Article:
An extraordinary thing happened on Wednesday night in Washington, D.C. More than one thousand people were gathered for a dinner in honor of the newly formed organization In Defense of Christians.
It should have been a victorious, celebratory moment―and for a short time it was.
The spirit was jubilant as we all took in the fact that at last the crisis affecting Middle East Christians had hit the mainstream. Many of us have been toiling away for years on this issue, happy if we could get ten people in a room to hear our case. Here we were, with Patriarchs and prelates from 12 different countries, and earlier in the day no less than 17 different members of Congress had addressed the gathering. It was an evening to celebrate.
Then U.S. Senator Ted Cruz (R-TX) came on stage. He was there to give the keynote speech, and this was to be the crowning moment. Senator Cruz opened with these words:
Good evening. Today we are gathered at a time of extraordinary challenge. Tonight we are all united in defense of Christians. Tonight we are all united in defense of Jews. Tonight we are all united in defense of people of good faith who are standing together against those who would persecute and murder those who dare to disagree with their religious teachings.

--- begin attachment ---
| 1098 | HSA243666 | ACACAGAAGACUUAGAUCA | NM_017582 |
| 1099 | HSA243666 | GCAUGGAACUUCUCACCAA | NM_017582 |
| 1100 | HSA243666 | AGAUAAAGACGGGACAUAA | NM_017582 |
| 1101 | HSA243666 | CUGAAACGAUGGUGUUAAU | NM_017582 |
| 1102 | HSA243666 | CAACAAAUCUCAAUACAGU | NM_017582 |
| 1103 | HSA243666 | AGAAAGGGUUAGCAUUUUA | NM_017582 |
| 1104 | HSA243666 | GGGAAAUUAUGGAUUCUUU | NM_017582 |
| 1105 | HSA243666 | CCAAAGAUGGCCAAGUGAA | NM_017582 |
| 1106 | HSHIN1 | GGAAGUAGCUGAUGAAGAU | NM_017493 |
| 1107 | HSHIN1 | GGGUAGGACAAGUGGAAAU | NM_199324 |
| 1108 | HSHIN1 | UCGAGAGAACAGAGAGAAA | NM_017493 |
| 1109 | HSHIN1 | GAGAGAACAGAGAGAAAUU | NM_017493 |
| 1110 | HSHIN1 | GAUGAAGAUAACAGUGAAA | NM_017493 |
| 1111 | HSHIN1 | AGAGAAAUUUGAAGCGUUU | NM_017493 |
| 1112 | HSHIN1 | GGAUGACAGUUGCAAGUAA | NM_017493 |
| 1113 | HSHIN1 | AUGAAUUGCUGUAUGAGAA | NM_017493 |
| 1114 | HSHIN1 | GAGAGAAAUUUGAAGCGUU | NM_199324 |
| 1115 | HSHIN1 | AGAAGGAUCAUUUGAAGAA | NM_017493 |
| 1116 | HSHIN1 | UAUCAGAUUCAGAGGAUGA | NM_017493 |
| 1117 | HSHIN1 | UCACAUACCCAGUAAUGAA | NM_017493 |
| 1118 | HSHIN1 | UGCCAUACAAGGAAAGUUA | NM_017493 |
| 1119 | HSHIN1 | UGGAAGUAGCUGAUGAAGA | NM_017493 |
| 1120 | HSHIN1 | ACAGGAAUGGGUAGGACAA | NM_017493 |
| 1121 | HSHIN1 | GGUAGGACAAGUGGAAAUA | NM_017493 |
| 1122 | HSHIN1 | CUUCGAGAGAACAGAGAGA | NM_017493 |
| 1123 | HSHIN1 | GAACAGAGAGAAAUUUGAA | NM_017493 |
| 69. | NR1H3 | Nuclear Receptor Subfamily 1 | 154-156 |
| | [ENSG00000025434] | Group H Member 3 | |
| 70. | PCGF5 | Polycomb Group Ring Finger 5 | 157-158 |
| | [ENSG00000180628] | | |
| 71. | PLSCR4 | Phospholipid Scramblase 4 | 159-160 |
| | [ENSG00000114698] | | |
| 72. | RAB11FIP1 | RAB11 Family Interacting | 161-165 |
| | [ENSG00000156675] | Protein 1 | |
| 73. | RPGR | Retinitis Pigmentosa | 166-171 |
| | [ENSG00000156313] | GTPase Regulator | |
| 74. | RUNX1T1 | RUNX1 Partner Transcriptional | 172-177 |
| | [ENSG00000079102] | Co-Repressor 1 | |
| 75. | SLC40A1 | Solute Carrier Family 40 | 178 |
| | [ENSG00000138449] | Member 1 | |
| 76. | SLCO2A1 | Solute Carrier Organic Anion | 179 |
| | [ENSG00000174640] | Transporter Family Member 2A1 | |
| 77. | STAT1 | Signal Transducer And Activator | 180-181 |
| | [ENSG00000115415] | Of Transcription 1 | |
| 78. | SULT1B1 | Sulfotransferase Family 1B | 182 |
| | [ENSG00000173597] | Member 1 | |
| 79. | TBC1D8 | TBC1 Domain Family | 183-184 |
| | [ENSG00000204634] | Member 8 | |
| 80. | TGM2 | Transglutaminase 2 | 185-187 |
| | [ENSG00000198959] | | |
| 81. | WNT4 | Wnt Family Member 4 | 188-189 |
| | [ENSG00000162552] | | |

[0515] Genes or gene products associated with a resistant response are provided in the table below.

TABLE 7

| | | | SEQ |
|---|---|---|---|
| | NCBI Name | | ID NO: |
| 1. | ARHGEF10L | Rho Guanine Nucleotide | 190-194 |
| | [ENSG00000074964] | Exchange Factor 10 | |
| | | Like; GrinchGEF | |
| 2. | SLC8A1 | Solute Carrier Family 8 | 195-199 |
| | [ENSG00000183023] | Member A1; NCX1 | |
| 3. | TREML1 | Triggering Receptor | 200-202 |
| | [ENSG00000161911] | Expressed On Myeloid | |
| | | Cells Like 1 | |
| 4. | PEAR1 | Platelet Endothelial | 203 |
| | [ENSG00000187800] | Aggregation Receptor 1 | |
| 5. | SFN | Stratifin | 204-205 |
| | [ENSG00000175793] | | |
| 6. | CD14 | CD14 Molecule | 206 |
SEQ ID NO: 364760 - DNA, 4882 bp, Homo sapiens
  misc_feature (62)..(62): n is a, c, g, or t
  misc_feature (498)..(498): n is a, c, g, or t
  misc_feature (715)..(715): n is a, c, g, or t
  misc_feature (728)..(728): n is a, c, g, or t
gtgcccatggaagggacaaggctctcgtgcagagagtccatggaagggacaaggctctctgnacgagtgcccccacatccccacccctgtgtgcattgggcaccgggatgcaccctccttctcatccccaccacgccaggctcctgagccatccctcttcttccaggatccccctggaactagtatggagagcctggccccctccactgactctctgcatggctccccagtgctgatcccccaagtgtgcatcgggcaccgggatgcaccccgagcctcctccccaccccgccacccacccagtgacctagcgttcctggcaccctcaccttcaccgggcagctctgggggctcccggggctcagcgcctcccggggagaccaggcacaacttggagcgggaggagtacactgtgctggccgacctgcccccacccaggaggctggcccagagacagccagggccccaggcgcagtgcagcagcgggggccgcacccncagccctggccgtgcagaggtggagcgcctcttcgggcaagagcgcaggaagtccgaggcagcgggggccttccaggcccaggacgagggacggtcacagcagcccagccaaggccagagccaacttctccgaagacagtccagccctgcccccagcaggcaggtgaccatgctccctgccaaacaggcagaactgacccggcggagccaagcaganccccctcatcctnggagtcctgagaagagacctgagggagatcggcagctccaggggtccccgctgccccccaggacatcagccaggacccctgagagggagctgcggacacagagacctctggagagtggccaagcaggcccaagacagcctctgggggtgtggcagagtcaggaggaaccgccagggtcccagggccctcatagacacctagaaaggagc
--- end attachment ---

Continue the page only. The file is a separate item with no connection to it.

“Oh no,” someone said quietly at my table. “Don’t go there, Cruz.”
Lebanon and Israel have been engaged in a long-standing conflict, so to mention Jews was to step on an obvious land mine. More than that, word had gone out several months before that the funders of the event were associated with Hezbollah. At first, it was just word of mouth based on sources inside Lebanon.
Then a Syrian-American activist named Frank Ghadry wrote about it, but he subsequently retracted his article and almost all traces of it have been deleted from the web. But you can read it here on Facebook.
Within the NGO community, concerns were expressed about the Hezbollah rumors, but when the Ghadry article was retracted, it seemed these might be just rumors after all.